Article: UW study finds some cities in NCW have adopted denser housing measures

By Steve Maher
Our Valley Our Future
April 18, 2024

A few years ago, the state Legislature passed a couple bills to incentivize local governments to allow for more housing density with the addition of duplexes, triplexes, attached dwelling units, and the like. Now, a new study has taken a look at what changes local governments, including several in NCW, made to accommodate denser housing after receiving grant funding to remove unnecessary regulatory constraints.

The study by the Washington Center for Real Estate Research, based at the University of Washington, found 66 of the 103 cities receiving state grants adopted at least one of eight measures designed to increase the number of housing units that could be built in their jurisdiction. Of the seven NCW cities that received grants, five have made changes.

The incentives to increase housing came out of two bills passed in 2019 and 2020. The legislation encouraged cities to take such actions as allowing for more development near transit stations; removing parking requirements; allowing more duplexes and triplexes, accessory dwelling units; and allowing for the conversion of single-family homes to multi-family housing.

And the state provided a total of $10 million in grants to encourage cities to do so. In NCW, the City of Leavenworth adopted five of the eight measures, ranking sixth out of the 103 cities in the state. East Wenatchee adopted three. Wenatchee, Moses Lake, and Winthrop all approved one each. The cities of Chelan and Twisp adopted no changes, according to the study. (For a complete breakdown of the measures adopted in NCW, please see below.)

To be fair to Wenatchee, the city adopted one of the measures — multi-family tax exemption — before the two bills were passed by state legislators. Wenatchee did not receive credit for that move in the UW study.

And to be fair to Wenatchee and other cities, other obstacles such as rising interest rates and higher construction costs have emerged in recent years. Some cities also used the grants to develop proposed ordinances only to see their City Councils reject the changes.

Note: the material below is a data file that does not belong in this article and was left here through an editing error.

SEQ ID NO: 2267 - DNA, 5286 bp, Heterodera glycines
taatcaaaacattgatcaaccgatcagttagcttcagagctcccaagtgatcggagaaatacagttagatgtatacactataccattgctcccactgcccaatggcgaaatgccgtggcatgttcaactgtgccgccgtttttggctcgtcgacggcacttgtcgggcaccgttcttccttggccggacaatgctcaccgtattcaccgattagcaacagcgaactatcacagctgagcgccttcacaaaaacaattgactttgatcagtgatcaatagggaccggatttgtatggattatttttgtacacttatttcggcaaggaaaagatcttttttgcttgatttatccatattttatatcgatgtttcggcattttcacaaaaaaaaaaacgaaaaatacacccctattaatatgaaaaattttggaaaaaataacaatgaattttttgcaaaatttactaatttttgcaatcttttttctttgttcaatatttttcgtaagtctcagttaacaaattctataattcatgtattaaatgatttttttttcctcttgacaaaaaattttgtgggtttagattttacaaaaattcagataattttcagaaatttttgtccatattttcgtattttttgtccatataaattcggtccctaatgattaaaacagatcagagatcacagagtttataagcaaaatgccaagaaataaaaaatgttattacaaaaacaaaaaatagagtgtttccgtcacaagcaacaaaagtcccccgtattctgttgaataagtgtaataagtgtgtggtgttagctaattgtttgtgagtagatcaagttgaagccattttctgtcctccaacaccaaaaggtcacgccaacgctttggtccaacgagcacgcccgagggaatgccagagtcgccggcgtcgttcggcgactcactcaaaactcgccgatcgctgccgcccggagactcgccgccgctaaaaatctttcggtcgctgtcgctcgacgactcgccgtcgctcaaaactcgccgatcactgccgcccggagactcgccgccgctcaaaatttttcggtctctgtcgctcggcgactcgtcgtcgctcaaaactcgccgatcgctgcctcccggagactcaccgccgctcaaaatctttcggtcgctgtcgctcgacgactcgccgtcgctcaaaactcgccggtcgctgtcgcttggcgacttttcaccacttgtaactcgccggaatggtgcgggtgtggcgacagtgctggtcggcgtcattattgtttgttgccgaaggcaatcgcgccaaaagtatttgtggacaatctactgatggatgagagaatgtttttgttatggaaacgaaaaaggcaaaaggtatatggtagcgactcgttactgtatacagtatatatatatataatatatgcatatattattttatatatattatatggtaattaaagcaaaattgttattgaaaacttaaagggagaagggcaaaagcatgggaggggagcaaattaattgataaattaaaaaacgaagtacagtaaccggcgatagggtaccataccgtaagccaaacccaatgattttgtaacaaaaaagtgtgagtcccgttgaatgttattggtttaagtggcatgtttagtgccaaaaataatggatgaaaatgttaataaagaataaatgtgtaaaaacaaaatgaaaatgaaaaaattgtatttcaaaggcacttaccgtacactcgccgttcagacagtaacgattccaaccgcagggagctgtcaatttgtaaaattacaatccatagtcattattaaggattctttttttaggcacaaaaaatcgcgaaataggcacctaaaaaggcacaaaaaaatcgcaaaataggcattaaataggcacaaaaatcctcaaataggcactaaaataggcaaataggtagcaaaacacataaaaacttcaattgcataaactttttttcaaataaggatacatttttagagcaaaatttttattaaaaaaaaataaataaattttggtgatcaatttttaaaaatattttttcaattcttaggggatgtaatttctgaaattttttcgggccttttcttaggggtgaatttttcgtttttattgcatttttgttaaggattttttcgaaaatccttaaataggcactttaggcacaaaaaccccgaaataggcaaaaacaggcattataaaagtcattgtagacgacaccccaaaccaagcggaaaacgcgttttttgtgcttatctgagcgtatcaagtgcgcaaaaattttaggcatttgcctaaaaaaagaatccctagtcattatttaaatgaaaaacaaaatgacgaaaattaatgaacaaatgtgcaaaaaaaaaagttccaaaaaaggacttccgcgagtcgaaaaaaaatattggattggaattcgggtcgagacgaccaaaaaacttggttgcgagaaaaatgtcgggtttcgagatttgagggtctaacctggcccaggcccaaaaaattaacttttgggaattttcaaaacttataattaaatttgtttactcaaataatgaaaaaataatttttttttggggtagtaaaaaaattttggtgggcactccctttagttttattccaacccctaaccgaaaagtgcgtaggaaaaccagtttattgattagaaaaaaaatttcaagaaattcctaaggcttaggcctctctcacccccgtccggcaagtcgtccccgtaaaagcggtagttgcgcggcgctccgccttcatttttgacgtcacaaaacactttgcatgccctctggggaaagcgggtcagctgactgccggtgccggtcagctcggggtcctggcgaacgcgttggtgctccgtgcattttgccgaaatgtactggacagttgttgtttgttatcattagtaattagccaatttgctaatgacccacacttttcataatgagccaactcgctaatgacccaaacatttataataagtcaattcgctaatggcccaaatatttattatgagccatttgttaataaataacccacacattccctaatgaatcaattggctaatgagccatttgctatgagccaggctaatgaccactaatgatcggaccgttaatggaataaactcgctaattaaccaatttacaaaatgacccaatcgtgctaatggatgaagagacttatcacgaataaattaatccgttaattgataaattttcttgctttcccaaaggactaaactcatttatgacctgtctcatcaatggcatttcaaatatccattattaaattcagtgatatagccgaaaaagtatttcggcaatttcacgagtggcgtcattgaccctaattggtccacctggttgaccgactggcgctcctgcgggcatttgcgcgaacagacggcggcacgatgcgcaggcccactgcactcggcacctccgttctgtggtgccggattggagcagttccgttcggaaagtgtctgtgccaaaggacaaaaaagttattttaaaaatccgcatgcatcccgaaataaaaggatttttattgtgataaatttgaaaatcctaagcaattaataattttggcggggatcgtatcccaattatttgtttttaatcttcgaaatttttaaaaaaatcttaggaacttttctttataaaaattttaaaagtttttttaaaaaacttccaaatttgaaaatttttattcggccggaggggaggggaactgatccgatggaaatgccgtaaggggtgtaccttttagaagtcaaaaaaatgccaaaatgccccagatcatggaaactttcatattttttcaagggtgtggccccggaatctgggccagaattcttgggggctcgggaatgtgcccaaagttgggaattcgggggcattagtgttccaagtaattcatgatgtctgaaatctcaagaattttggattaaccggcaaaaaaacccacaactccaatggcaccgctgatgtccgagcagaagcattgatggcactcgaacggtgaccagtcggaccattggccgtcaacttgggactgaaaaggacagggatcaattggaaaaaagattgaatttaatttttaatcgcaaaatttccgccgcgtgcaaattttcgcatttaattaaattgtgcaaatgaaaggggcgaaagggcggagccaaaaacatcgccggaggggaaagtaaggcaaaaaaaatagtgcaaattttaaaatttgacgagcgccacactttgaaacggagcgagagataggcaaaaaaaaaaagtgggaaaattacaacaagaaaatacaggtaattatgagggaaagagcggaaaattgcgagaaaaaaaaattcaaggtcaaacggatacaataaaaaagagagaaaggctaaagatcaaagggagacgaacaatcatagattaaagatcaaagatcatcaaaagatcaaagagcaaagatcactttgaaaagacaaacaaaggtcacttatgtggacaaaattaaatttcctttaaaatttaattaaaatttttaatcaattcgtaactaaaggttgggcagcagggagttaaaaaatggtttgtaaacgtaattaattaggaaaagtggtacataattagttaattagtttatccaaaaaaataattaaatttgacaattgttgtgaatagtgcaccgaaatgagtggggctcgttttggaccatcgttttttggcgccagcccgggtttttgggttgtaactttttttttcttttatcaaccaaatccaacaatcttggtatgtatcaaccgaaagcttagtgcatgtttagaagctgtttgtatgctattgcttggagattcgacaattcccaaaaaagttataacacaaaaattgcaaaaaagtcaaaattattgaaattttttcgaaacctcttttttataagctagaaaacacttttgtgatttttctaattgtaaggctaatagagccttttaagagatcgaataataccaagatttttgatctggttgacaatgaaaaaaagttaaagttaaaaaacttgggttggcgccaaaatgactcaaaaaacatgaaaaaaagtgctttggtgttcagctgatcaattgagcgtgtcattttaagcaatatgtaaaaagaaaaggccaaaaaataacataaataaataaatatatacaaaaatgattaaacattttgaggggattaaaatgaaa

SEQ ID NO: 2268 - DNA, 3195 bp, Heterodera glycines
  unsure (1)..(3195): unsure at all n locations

The City of Aberdeen adopted all eight measures. Others in the top 10: Vancouver (7 measures), Bothell (7), Spokane (6), Kirkland (6), Leavenworth (5), Lake Stevens (5), Marysville (5), Sumner (5), and Tacoma (5).

For the 37 cities that haven’t taken actions to get more homes built in more places, new bills passed by the Legislature in the past couple years are now requiring cities to take those actions, including requiring local governments to allow for duplexes, triplexes, quadplexes, accessory dwelling unit, and cottages. The UW study didn’t take into account these new laws.

The Washington State Standard published an article recently about the study. The nonprofit news organization noted the most popular action by local governments (49 percent did so) was to loosen zoning rules to allow for more housing. Another 27 percent of cities reduced parking requirements; 26 percent implemented density bonuses for developers; 25 percent began using the state’s multifamily tax exemption program; 24 percent streamlined permitting or reduced permit fees; 14 percent prepared Environmental Impact Statements for subareas; 7 percent utilized public land for affordable housing; and 4 percent began using transfer of development rights (TDRs) to provide density credits.

Here are the measures that the NCW cities have adopted:


  • Streamlined permitting or reduced permit fees
  • Inclusionary zoning, including upzoning for affordable housing
  • Multi-family tax exemption
  • Parking reductions
  • Permitting priority/fee reduction for affordable housing

East Wenatchee

  • Inclusionary zoning, including upzoning for affordable housing
  • Multi-family tax exemption
  • Streamlined permitting or reduced permit fees


  • Inclusionary zoning, including upzoning for affordable housing


  • Streamlined permitting or reduced permit fees

Moses Lake

  • Multi-family tax exemption